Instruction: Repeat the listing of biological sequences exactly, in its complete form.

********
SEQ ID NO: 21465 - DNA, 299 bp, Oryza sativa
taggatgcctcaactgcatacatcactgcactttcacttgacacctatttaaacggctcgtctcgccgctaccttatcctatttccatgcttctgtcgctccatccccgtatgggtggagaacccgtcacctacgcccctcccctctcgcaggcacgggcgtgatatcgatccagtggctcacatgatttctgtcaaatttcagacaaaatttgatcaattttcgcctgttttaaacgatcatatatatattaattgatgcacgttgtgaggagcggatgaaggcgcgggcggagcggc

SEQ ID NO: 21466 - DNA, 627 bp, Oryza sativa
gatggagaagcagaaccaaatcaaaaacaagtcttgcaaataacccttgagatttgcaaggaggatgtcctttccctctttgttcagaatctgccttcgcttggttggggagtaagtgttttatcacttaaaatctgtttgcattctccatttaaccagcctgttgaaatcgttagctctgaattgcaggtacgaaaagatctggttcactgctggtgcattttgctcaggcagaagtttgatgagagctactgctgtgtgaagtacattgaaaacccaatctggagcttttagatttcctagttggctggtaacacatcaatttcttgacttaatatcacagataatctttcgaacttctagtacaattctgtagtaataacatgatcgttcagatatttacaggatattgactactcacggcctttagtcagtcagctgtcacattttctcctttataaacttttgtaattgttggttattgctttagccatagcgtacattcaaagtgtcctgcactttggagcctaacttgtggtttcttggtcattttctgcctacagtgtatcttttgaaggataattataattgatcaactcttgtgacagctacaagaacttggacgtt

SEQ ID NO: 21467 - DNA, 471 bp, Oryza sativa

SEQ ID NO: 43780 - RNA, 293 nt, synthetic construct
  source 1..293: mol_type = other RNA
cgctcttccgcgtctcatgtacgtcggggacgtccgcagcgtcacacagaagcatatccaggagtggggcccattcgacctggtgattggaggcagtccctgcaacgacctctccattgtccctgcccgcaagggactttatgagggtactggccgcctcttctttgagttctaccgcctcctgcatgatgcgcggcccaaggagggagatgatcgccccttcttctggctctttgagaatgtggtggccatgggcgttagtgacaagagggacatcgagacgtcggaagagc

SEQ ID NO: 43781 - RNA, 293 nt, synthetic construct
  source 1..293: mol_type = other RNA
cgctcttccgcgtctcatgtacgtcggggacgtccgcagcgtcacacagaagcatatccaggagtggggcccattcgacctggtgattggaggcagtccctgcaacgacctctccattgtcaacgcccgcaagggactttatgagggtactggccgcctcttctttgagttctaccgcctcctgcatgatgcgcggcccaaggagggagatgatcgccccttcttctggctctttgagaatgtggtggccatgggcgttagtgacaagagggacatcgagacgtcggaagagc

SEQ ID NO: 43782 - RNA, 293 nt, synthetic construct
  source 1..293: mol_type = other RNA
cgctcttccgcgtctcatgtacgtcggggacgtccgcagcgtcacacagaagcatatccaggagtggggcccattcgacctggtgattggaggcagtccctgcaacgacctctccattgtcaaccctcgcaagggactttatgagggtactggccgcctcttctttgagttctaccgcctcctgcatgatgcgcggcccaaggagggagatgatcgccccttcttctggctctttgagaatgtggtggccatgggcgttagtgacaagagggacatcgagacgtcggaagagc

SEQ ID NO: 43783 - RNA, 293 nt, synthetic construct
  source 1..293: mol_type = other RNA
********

SEQ ID NO: 21465 - DNA, 299 bp, Oryza sativa
taggatgcctcaactgcatacatcactgcactttcacttgacacctatttaaacggctcgtctcgccgctaccttatcctatttccatgcttctgtcgctccatccccgtatgggtggagaacccgtcacctacgcccctcccctctcgcaggcacgggcgtgatatcgatccagtggctcacatgatttctgtcaaatttcagacaaaatttgatcaattttcgcctgttttaaacgatcatatatatattaattgatgcacgttgtgaggagcggatgaaggcgcgggcggagcggc

SEQ ID NO: 21466 - DNA, 627 bp, Oryza sativa
gatggagaagcagaaccaaatcaaaaacaagtcttgcaaataacccttgagatttgcaaggaggatgtcctttccctctttgttcagaatctgccttcgcttggttggggagtaagtgttttatcacttaaaatctgtttgcattctccatttaaccagcctgttgaaatcgttagctctgaattgcaggtacgaaaagatctggttcactgctggtgcattttgctcaggcagaagtttgatgagagctactgctgtgtgaagtacattgaaaacccaatctggagcttttagatttcctagttggctggtaacacatcaatttcttgacttaatatcacagataatctttcgaacttctagtacaattctgtagtaataacatgatcgttcagatatttacaggatattgactactcacggcctttagtcagtcagctgtcacattttctcctttataaacttttgtaattgttggttattgctttagccatagcgtacattcaaagtgtcctgcactttggagcctaacttgtggtttcttggtcattttctgcctacagtgtatcttttgaaggataattataattgatcaactcttgtgacagctacaagaacttggacgtt

SEQ ID NO: 21467 - DNA, 471 bp, Oryza sativa

SEQ ID NO: 43780 - RNA, 293 nt, synthetic construct
  source 1..293: mol_type = other RNA
cgctcttccgcgtctcatgtacgtcggggacgtccgcagcgtcacacagaagcatatccaggagtggggcccattcgacctggtgattggaggcagtccctgcaacgacctctccattgtccctgcccgcaagggactttatgagggtactggccgcctcttctttgagttctaccgcctcctgcatgatgcgcggcccaaggagggagatgatcgccccttcttctggctctttgagaatgtggtggccatgggcgttagtgacaagagggacatcgagacgtcggaagagc

SEQ ID NO: 43781 - RNA, 293 nt, synthetic construct
  source 1..293: mol_type = other RNA
cgctcttccgcgtctcatgtacgtcggggacgtccgcagcgtcacacagaagcatatccaggagtggggcccattcgacctggtgattggaggcagtccctgcaacgacctctccattgtcaacgcccgcaagggactttatgagggtactggccgcctcttctttgagttctaccgcctcctgcatgatgcgcggcccaaggagggagatgatcgccccttcttctggctctttgagaatgtggtggccatgggcgttagtgacaagagggacatcgagacgtcggaagagc

SEQ ID NO: 43782 - RNA, 293 nt, synthetic construct
  source 1..293: mol_type = other RNA
cgctcttccgcgtctcatgtacgtcggggacgtccgcagcgtcacacagaagcatatccaggagtggggcccattcgacctggtgattggaggcagtccctgcaacgacctctccattgtcaaccctcgcaagggactttatgagggtactggccgcctcttctttgagttctaccgcctcctgcatgatgcgcggcccaaggagggagatgatcgccccttcttctggctctttgagaatgtggtggccatgggcgttagtgacaagagggacatcgagacgtcggaagagc

SEQ ID NO: 43783 - RNA, 293 nt, synthetic construct
  source 1..293: mol_type = other RNA